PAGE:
The Outbuildings

Four precincts have been identified within the study area: the House Precinct containing a set of pre-1850s estate buildings, including the main house in its garden setting; the Coach House Precinct, containing a group of colonial buildings, including the Coach House, Coachman’s Cottage, and a number of timber sheds of more recent date; the Outbuildings Precinct, containing several colonial buildings including the Woolshed, Store, and several Workers’ Cottages; and the Cottage Precinct, which contains Woolmers Cottage.

Plan of Woolmers Four Precincts

While no documentary evidence has been identified to date, the following buildings are shown on an 1840s plan of the estate and must have been constructed by then:
Garden Pavilion
Former Chapel
Garden Lavatory
Workers' Cottages
Garden Privy
Cider Press
Woolmers Cottage
Coach House
Farm Stables
Coachman's Cottage
Gardener's Cottage


 Woolmers Key building and Development Periods
Convicts assigned to Thomas Archer of Woolmers and William Archer of Brickendon was the second highest number of assignments in the colony (with the Van Diemen's Land Company having the highest number of assigned convicts).
Year     Convicts at Woolmers    Convicts at Brickendon
1830     51                      39
1832     60                      38
1833     64                      43
1835     45                      34

The assignment system was designed to reward good behaviour of convicts, and required masters to behave in accordance with a long set of regulations. Masters who did not meet the requirements, such as failing to observe the Sabbath, risked losing the services of their convict assignees. Well-behaved convicts could become eligible for tickets-of-leave, which enabled them to earn wages while serving out their sentence. The assignment system was not without its critics. Opponents of transportation pointed out that the system amounted to a form of slavery, while others considered its inconsistencies to rely too heavily on the character of masters. Settlers who relied on the labour force often found the unskilled labour to be less than useful. The Molesworth report of 1838 concluded that transportation was an ineffective method of reform and recommended the abolition of the assignment system.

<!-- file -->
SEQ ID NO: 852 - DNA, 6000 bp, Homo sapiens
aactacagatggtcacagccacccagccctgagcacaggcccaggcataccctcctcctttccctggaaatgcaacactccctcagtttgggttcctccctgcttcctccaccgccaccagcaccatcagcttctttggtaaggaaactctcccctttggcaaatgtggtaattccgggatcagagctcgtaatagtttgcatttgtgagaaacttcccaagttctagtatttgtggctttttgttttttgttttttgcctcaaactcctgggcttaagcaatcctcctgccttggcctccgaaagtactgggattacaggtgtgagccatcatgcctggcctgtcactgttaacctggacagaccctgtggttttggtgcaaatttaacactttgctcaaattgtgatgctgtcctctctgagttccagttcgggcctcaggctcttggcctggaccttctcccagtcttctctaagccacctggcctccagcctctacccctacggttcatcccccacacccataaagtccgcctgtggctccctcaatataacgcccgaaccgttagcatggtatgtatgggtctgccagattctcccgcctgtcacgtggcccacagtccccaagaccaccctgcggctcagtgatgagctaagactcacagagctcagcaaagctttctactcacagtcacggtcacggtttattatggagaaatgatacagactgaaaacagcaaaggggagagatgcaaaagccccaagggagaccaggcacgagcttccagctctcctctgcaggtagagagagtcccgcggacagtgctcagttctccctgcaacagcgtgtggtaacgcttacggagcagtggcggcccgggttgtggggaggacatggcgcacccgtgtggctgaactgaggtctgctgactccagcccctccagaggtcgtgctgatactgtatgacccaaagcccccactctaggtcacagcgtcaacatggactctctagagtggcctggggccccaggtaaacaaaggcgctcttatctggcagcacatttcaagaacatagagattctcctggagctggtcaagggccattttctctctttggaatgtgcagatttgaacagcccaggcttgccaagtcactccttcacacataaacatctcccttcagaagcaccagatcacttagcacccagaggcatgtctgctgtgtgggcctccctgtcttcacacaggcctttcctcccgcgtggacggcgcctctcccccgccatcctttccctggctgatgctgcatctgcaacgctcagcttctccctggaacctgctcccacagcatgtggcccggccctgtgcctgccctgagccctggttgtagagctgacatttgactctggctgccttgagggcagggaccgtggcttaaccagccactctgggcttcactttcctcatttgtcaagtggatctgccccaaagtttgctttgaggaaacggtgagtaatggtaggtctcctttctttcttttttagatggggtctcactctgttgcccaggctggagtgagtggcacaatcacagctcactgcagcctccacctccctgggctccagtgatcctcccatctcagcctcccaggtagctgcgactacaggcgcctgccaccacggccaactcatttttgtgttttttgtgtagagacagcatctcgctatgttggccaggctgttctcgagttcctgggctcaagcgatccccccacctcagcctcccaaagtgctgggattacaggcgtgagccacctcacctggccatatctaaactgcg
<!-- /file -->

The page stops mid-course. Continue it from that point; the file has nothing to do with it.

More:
During the convict assignment period, the Woolmers estate took shape. Many buildings relate to the assignment period, or to the early years of the probation system. During this period, up to 64 convicts remained at Woolmers.